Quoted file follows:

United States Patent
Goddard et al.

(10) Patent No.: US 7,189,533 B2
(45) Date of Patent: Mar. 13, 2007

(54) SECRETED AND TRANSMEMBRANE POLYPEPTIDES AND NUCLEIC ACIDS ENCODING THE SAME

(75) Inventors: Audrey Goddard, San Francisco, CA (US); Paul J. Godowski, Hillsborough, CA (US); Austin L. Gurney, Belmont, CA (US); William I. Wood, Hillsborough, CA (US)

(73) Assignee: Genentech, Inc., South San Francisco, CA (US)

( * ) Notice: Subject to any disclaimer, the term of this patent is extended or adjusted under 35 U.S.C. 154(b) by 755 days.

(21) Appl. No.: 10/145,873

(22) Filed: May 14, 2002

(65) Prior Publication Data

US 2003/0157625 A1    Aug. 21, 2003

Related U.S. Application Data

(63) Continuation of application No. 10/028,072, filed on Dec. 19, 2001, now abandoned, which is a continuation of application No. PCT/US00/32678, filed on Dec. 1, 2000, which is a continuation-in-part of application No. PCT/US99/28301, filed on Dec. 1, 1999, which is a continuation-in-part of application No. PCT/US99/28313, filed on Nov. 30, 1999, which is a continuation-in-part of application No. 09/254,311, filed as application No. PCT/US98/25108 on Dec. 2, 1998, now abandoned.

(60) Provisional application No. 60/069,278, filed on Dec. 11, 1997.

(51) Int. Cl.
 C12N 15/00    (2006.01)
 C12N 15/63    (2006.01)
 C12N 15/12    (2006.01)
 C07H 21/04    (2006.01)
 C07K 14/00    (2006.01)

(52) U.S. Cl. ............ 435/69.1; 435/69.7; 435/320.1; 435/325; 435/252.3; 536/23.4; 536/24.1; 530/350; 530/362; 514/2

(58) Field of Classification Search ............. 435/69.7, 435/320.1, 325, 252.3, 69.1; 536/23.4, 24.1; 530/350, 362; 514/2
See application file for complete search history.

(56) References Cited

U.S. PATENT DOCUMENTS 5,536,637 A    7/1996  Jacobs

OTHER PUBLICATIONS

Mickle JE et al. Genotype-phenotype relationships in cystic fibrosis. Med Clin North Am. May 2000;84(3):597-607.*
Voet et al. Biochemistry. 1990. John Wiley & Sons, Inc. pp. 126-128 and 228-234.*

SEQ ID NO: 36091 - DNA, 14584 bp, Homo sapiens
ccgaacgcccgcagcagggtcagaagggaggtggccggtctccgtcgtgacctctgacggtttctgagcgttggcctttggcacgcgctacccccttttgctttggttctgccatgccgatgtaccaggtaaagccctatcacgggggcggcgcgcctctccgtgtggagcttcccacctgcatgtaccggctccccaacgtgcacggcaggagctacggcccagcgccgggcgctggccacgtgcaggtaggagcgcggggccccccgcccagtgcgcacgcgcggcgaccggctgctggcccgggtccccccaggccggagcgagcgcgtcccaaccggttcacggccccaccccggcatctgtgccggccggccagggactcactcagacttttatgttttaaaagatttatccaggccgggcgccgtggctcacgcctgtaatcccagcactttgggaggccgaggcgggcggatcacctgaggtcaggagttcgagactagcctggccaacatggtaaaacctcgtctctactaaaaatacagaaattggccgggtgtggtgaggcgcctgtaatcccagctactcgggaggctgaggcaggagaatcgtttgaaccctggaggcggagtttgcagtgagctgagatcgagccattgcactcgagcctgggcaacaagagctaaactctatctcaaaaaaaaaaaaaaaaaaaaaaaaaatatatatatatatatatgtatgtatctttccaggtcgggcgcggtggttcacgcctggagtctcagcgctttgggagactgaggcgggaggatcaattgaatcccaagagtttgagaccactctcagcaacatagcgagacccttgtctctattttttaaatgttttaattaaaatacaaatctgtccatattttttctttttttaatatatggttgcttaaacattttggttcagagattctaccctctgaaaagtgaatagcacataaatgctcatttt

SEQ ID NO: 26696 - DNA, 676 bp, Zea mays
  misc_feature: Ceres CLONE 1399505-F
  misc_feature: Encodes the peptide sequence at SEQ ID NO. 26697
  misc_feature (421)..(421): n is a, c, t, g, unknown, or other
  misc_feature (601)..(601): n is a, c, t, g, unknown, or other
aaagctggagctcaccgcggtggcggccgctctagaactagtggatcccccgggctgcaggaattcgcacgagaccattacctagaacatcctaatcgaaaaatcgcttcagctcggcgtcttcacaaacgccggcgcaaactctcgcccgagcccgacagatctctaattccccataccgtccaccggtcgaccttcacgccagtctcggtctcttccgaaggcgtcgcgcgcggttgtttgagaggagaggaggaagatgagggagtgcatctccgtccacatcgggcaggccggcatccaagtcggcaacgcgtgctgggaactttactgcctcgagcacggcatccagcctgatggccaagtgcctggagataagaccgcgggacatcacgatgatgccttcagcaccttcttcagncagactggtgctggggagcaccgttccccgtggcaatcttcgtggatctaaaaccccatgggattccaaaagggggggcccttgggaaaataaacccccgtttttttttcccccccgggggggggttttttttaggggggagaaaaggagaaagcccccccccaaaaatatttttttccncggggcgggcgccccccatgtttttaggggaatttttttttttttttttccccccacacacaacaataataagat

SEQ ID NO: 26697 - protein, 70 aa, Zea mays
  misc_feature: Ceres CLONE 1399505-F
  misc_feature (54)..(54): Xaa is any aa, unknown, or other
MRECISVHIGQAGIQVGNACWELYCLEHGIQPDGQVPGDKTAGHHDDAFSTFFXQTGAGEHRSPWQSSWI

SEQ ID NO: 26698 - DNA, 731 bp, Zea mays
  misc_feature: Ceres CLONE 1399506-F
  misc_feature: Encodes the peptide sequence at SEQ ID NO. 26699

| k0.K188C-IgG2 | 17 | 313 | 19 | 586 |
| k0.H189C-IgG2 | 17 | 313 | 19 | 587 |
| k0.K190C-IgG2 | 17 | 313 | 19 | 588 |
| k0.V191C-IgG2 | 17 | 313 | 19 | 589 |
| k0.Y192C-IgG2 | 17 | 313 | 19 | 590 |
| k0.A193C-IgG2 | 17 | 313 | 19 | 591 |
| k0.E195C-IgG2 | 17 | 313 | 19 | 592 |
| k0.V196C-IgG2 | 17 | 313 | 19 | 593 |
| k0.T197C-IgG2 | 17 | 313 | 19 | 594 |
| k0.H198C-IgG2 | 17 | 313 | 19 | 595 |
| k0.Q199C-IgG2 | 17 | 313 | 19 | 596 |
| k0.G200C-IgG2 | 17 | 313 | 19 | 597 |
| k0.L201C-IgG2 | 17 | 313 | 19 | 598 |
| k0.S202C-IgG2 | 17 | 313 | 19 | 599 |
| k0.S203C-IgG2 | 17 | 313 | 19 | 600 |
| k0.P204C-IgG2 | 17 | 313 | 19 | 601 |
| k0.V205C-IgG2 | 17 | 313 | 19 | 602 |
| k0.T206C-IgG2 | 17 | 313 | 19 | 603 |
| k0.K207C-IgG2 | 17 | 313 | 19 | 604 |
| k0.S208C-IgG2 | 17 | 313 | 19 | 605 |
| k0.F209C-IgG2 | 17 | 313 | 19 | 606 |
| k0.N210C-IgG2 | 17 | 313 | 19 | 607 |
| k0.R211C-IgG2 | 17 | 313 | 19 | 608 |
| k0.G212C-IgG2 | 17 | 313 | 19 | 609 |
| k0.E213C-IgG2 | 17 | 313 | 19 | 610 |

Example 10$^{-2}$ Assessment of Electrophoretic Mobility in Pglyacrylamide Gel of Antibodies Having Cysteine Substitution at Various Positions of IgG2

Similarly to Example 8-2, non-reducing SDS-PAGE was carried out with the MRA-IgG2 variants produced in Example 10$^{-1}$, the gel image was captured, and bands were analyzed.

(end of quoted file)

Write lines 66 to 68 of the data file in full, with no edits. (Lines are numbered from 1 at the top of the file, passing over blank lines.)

| k0.N210C-IgG2 | 17 | 313 | 19 | 607 |
| k0.R211C-IgG2 | 17 | 313 | 19 | 608 |
| k0.G212C-IgG2 | 17 | 313 | 19 | 609 |